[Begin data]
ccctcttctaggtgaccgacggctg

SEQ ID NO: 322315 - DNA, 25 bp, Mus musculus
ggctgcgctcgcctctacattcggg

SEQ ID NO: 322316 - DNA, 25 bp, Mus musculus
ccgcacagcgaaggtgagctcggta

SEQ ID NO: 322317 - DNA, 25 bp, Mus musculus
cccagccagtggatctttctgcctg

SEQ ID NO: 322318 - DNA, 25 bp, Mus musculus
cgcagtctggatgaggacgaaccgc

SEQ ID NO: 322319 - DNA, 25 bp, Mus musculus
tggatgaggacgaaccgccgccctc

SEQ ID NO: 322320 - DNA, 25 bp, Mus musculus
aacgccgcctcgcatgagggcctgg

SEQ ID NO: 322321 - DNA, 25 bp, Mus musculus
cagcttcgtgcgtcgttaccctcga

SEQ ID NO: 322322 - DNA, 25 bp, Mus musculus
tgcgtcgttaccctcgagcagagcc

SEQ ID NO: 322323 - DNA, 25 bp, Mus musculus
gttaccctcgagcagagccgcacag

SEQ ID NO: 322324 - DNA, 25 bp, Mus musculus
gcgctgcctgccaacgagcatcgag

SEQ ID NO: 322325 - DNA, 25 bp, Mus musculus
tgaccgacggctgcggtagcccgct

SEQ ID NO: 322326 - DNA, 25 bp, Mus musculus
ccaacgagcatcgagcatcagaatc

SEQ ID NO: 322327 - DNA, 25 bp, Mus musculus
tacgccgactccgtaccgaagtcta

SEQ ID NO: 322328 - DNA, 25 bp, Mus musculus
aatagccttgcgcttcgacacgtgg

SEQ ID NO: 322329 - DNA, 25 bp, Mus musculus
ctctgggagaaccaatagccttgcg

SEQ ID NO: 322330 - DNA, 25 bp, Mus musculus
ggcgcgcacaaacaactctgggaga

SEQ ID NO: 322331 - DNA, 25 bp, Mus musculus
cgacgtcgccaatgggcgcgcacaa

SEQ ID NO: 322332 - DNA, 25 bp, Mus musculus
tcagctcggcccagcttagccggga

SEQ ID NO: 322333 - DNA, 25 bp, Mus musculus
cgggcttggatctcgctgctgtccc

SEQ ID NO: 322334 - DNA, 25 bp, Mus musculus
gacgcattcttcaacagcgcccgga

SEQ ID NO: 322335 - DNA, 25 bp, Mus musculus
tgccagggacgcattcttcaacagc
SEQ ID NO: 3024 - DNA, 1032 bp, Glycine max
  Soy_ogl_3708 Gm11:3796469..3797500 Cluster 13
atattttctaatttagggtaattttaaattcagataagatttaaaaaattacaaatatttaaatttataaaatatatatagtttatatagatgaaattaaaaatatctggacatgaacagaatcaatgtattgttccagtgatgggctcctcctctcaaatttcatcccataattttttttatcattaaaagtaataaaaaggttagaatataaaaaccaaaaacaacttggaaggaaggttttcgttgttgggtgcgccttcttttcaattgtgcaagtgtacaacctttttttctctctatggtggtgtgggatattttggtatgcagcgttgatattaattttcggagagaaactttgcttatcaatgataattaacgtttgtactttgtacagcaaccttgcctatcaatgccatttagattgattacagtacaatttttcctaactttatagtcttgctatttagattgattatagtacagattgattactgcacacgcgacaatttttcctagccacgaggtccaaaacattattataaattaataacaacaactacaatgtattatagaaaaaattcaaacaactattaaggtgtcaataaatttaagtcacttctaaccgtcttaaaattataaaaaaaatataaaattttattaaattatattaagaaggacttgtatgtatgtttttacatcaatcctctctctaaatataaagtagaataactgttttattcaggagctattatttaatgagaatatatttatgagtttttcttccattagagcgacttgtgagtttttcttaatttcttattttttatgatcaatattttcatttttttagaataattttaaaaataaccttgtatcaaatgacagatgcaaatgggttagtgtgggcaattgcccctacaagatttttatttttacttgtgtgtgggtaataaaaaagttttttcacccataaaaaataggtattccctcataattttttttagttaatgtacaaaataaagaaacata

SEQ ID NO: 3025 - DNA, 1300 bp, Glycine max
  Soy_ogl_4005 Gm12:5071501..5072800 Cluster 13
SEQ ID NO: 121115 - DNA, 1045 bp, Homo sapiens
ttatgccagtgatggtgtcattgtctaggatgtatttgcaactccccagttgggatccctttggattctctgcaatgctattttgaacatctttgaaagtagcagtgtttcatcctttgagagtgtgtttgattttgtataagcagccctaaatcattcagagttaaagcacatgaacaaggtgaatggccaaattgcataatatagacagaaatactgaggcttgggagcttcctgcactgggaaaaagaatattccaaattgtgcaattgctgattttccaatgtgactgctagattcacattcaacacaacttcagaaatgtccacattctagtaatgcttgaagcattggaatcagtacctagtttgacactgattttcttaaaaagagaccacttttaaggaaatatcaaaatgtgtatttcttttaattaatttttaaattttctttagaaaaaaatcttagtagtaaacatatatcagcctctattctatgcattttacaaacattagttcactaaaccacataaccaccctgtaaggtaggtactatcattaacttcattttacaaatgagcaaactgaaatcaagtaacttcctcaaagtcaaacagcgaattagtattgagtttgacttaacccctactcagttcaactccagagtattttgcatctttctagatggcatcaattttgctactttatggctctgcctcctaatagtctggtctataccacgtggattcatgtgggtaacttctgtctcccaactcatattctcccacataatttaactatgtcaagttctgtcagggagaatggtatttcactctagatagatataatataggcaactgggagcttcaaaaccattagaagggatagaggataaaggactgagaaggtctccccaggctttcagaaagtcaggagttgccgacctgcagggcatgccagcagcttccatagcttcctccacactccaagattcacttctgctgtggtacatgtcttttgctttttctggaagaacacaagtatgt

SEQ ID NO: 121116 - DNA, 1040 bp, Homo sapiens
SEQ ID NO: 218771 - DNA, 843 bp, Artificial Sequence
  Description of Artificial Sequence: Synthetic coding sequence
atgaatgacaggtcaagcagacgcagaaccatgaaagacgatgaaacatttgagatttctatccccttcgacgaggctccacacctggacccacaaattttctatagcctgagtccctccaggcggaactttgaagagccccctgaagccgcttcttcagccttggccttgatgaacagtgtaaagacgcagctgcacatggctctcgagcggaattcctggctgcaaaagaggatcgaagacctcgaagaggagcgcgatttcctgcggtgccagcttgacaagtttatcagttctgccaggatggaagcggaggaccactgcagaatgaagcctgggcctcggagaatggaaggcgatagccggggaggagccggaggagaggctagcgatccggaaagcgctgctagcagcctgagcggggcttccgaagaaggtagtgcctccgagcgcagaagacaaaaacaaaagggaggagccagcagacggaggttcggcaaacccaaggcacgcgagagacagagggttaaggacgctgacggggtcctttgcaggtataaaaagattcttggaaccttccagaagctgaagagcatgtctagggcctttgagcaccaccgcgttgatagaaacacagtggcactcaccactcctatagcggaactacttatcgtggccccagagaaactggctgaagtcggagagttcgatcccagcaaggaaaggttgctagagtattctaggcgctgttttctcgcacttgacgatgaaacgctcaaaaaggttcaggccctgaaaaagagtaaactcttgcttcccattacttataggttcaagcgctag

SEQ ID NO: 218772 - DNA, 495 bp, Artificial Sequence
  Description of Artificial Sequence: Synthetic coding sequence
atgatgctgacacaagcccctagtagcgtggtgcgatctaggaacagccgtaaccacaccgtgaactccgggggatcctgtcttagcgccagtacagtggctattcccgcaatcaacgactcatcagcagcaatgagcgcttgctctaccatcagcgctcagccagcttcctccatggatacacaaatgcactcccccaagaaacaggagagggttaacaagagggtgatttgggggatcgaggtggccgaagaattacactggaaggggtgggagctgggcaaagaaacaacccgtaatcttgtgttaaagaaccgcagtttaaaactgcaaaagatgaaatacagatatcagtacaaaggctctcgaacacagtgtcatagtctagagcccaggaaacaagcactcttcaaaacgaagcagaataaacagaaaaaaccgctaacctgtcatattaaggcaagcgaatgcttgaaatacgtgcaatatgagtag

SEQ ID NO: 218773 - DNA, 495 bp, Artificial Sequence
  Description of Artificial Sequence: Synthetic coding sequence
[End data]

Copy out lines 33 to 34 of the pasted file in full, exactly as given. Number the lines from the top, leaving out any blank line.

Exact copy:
ggcgcgcacaaacaactctgggaga

SEQ ID NO: 322331 - DNA, 25 bp, Mus musculus